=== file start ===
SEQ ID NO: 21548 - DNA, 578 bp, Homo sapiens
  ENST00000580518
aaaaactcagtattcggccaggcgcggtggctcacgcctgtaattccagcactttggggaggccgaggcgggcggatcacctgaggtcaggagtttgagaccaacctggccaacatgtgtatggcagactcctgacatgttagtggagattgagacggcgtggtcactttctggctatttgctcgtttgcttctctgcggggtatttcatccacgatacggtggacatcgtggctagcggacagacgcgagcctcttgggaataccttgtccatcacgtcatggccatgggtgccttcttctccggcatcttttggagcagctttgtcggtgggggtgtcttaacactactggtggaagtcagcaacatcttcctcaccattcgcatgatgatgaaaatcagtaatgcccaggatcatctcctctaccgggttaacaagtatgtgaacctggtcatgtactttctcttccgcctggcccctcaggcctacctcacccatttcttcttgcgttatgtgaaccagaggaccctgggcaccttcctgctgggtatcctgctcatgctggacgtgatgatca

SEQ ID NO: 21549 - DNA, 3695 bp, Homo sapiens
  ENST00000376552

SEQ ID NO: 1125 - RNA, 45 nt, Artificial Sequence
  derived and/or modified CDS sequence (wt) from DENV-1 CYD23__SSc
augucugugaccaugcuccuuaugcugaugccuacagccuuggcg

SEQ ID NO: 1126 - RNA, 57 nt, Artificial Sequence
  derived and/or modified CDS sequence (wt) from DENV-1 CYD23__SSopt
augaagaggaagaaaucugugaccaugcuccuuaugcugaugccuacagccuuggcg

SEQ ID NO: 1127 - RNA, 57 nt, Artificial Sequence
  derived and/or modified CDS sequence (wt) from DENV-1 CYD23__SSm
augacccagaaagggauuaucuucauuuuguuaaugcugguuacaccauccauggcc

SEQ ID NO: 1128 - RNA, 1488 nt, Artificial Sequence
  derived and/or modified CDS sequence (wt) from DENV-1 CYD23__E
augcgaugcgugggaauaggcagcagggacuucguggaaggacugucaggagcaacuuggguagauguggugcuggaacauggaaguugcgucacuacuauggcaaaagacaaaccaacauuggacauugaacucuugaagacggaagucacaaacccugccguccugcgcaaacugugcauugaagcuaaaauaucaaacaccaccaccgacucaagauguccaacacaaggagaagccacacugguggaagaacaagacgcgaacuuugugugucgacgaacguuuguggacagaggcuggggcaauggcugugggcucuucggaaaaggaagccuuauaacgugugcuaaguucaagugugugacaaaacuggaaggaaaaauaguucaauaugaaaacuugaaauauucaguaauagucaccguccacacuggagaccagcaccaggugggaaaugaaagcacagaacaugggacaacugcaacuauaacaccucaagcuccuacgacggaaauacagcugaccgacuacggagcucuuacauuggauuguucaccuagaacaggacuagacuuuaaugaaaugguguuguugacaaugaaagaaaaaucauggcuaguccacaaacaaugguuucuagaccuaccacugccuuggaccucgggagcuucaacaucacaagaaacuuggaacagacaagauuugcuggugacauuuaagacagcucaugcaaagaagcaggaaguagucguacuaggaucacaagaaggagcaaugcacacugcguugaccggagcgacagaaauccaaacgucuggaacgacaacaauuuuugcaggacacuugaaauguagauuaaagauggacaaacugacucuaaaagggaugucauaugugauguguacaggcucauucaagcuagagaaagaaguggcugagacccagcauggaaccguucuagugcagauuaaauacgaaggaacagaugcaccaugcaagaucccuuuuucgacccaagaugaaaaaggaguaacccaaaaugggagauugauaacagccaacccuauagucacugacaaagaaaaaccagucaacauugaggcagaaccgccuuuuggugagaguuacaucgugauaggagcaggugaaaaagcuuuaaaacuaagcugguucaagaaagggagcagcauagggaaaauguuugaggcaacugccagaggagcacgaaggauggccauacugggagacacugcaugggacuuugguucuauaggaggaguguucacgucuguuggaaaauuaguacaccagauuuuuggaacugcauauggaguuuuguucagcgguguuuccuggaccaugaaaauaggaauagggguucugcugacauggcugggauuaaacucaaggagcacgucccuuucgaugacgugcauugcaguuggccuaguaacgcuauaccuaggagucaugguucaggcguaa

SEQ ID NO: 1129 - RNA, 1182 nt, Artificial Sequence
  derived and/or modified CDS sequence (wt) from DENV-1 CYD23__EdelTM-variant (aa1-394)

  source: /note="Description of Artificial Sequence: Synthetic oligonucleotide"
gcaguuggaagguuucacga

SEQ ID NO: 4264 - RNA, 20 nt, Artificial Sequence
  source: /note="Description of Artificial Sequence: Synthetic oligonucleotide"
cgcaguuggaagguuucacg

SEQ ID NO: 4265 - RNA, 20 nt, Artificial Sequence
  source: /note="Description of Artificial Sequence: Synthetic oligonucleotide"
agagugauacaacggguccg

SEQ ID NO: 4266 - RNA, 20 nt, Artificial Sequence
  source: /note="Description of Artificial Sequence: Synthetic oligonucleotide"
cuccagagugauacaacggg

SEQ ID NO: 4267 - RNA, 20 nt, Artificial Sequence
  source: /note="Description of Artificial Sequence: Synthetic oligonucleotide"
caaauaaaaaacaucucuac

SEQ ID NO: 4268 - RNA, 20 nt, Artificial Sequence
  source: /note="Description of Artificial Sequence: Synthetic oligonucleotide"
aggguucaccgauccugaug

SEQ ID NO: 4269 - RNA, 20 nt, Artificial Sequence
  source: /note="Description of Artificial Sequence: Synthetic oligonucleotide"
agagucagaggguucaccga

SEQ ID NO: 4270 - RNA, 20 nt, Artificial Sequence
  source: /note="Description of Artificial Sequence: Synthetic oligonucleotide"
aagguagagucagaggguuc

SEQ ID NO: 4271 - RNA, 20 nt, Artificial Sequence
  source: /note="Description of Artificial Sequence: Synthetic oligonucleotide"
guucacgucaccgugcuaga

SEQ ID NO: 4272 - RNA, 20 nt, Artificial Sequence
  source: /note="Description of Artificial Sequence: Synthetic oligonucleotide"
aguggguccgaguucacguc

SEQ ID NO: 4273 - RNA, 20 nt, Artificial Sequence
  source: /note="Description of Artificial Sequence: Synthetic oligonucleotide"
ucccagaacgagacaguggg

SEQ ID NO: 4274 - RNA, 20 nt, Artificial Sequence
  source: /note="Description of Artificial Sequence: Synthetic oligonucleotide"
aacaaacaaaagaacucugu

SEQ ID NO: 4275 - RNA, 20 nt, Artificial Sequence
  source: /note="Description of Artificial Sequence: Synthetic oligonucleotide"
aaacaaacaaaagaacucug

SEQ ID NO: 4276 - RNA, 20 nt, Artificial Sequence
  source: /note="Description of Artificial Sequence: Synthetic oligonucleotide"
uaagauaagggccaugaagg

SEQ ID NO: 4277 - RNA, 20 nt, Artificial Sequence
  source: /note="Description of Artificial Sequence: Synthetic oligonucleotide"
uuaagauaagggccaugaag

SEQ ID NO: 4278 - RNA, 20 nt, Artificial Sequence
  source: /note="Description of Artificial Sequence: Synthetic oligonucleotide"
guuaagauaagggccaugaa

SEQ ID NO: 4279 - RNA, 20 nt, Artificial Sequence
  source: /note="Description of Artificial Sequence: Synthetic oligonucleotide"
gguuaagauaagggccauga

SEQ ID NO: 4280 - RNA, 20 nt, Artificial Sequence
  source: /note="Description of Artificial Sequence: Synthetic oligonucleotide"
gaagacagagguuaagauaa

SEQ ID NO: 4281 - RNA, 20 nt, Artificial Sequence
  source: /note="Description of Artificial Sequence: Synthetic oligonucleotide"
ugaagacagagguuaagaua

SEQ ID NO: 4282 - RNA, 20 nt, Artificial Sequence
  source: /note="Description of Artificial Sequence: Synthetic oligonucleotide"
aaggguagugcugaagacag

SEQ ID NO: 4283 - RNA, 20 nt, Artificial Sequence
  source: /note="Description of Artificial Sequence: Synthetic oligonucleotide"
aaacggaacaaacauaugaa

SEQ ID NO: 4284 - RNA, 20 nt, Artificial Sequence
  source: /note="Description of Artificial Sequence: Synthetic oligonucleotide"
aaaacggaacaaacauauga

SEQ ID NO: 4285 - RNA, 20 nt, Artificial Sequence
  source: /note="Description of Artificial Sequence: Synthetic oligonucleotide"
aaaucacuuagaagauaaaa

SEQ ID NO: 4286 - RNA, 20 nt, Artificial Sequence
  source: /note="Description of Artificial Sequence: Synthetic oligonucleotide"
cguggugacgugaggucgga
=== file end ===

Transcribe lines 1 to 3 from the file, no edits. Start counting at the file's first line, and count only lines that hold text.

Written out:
SEQ ID NO: 21548 - DNA, 578 bp, Homo sapiens
  ENST00000580518
aaaaactcagtattcggccaggcgcggtggctcacgcctgtaattccagcactttggggaggccgaggcgggcggatcacctgaggtcaggagtttgagaccaacctggccaacatgtgtatggcagactcctgacatgttagtggagattgagacggcgtggtcactttctggctatttgctcgtttgcttctctgcggggtatttcatccacgatacggtggacatcgtggctagcggacagacgcgagcctcttgggaataccttgtccatcacgtcatggccatgggtgccttcttctccggcatcttttggagcagctttgtcggtgggggtgtcttaacactactggtggaagtcagcaacatcttcctcaccattcgcatgatgatgaaaatcagtaatgcccaggatcatctcctctaccgggttaacaagtatgtgaacctggtcatgtactttctcttccgcctggcccctcaggcctacctcacccatttcttcttgcgttatgtgaaccagaggaccctgggcaccttcctgctgggtatcctgctcatgctggacgtgatgatca